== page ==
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A lung abscess is a bacterial infection that occurs in the lung and causes tissues to die while a pus-filled cavity develops in its place.
What is a lung abscess?
A lung abscess is a large collection of pus in the tissue of the lungs that results from a bacterial infection. Bacteria that should not normally be found in the lungs causes inflammation that leads to a breakdown of the lung tissue, thus producing the pus.
Symptoms vary depending on whether the abscess is acute or chronic. They may include fever, night sweats, fatigue, weight loss, a cough with mucus or blood, and chest pain when breathing.
Once a diagnosis has been made by an X-ray or further imaging, the main method of treatment is antibiotics to rid the body of infection. Surgery is rarely required.
You should visit your primary care physician within the next 24 hours. Your doctor will confirm the diagnosis with an X-Ray. Treatment for a lung abscess involves prescription antibiotics.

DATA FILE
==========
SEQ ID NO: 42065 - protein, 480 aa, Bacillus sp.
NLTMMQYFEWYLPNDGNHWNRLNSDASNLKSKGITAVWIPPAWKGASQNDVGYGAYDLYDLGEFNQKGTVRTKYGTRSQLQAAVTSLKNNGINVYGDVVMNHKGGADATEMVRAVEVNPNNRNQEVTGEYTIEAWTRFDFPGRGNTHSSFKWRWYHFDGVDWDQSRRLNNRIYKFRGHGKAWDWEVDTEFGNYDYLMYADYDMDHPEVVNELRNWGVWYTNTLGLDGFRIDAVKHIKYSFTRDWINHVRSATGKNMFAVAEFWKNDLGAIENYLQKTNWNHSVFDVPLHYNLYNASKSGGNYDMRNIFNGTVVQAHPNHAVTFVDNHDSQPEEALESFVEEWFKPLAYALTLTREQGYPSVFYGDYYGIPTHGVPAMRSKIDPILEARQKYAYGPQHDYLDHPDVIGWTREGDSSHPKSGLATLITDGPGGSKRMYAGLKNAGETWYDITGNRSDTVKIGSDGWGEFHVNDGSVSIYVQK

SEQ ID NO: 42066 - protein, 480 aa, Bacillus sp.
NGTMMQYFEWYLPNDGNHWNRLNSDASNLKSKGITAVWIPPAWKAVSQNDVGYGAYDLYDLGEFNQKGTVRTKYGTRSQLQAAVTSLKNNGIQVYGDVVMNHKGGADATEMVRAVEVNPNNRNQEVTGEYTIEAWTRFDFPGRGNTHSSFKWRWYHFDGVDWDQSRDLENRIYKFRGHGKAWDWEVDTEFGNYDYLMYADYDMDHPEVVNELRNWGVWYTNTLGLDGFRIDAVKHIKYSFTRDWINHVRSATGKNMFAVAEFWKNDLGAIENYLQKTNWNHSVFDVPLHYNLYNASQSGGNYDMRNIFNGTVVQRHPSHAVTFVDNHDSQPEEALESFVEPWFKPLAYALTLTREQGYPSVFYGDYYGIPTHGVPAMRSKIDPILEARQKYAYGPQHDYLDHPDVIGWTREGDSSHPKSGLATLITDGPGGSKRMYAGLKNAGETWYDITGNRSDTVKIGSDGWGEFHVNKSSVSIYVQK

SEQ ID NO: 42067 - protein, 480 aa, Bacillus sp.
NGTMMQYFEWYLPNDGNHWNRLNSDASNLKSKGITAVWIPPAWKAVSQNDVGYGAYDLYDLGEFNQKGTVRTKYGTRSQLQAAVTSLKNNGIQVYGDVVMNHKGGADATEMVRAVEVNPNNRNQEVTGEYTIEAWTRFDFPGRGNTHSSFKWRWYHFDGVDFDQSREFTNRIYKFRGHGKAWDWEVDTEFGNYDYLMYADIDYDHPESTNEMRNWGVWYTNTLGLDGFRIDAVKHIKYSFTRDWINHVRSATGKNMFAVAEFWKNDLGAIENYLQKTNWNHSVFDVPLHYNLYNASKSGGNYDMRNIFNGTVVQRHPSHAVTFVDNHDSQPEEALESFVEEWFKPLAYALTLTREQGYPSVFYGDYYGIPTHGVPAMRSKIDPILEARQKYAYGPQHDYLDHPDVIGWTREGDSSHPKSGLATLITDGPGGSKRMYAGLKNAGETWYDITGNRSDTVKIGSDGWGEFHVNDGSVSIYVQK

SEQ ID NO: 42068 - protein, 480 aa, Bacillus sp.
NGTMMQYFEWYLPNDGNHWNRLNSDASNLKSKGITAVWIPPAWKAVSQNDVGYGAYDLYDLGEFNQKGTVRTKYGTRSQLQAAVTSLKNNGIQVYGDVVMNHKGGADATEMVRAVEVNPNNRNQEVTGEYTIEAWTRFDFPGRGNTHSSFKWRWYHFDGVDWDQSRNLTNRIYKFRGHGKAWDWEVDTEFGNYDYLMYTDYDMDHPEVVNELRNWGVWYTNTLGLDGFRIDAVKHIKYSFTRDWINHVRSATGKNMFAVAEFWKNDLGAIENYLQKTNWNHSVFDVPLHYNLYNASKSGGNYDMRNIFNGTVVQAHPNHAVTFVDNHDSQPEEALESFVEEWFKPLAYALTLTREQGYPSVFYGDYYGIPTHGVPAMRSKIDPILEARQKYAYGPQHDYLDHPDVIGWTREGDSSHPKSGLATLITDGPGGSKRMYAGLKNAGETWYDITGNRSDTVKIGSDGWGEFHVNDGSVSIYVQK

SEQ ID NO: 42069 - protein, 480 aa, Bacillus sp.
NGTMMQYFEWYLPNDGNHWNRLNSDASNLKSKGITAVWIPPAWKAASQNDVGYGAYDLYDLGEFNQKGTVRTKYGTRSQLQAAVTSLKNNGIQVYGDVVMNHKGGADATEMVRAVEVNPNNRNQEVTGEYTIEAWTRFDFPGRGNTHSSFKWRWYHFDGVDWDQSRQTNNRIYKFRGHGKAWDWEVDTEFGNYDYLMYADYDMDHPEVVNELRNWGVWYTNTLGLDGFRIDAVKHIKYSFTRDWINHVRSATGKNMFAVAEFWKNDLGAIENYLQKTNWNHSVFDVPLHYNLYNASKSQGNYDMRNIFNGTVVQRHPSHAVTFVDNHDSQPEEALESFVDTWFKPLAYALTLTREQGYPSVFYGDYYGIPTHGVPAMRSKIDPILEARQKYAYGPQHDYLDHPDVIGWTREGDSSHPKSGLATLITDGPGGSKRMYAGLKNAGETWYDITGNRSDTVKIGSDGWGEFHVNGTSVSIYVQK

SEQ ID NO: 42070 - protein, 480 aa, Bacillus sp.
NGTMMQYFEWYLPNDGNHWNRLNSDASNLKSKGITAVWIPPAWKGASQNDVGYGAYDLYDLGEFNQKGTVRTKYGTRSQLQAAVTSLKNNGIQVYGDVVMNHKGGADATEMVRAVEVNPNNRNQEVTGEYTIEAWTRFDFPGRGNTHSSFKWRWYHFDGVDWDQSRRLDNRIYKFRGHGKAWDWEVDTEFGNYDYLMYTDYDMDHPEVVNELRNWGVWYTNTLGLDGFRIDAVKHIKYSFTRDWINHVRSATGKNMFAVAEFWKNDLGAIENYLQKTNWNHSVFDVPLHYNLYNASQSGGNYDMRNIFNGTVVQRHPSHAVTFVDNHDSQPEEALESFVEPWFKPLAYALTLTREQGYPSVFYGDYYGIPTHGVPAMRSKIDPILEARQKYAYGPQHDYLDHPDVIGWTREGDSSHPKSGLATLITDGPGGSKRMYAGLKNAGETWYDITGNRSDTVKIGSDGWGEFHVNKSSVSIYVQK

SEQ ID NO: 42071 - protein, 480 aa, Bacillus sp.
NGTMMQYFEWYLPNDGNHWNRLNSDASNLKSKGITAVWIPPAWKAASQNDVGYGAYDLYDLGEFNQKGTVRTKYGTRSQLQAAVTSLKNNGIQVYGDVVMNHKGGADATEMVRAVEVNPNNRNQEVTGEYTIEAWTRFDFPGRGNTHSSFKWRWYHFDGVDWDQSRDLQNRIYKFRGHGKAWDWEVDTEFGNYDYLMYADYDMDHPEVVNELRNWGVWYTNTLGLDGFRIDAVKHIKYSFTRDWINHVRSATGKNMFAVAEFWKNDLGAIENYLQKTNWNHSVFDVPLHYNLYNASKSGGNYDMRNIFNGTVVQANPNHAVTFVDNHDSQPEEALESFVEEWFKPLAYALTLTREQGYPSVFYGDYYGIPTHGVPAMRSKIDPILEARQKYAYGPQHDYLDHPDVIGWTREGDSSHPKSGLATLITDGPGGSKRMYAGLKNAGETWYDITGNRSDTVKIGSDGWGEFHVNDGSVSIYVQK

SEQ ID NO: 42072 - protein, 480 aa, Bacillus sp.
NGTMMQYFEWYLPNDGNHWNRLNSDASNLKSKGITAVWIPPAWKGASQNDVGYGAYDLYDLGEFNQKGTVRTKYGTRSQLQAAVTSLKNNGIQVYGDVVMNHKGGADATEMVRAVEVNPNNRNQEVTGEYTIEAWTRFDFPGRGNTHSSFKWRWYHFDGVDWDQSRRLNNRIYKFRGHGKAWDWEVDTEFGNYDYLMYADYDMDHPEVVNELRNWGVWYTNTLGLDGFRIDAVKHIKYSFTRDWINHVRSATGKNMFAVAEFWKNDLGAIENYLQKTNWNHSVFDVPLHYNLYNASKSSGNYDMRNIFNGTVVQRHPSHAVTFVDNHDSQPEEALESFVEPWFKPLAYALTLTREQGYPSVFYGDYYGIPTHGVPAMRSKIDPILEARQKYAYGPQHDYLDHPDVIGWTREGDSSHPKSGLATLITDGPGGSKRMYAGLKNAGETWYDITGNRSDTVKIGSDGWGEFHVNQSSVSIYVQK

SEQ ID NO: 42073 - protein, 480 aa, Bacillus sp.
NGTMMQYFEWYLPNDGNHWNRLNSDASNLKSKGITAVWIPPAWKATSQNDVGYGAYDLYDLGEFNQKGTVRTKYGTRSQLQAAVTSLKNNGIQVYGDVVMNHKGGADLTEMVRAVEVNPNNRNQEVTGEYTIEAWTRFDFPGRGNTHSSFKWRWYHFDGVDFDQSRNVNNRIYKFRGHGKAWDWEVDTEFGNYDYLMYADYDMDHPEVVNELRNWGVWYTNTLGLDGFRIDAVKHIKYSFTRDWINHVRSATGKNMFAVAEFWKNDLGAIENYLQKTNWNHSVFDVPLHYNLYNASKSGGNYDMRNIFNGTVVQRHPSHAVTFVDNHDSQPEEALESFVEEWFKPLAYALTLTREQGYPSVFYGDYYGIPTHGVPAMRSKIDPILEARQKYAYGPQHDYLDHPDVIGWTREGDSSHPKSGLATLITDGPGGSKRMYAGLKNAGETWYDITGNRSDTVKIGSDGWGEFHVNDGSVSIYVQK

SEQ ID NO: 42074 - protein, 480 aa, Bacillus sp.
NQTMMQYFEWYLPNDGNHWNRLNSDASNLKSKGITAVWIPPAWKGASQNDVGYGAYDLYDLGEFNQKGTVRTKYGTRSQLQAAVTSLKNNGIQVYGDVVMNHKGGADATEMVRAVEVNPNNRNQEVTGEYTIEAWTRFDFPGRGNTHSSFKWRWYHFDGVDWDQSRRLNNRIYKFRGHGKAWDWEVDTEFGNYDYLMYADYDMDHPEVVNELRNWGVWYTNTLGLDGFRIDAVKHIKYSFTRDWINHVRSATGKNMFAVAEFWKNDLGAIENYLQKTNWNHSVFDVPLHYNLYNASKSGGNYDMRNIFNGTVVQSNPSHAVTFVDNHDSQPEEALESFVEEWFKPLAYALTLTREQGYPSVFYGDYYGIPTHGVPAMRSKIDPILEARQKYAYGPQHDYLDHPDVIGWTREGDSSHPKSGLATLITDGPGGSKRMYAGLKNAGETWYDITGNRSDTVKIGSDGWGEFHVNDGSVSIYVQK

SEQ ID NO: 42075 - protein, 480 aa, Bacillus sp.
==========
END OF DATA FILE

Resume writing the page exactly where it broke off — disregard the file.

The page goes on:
Lung abscess symptoms
Lung abscesses can be acute or chronic conditions. Symptoms present for greater than four weeks indicate a chronic form of lung abscess.
Symptoms that will affect the whole body in cases of lung abscesses include the following.
- Fever: Fever is a common symptom of many different types of infections, including lung abscesses. In the case of a bacterial infection, immune cells in our body, called macrophages, send out signals (IL-1 and TNF) to the rest of the body to mount a full immune response. These signaling molecules provide feedback to the hypothalamus, the area of our brain responsible for regulating our body temperature.
- Night sweats: Night sweats are defined as sweating so extensively at night that you soak through your clothes or sheets. Night sweats are closely tied to the fever that often accompanies lung abscesses. Someone with a lung abscess may notice sweating at night but not during the day because of fluctuations in their baseline body temperature. If you have a very slight fever throughout the day, the increase in temperature may not be substantial enough to trigger your body to start sweating. However, when this fever persists at night when your body is supposedly at its coolest, the temperature difference can produce sweating.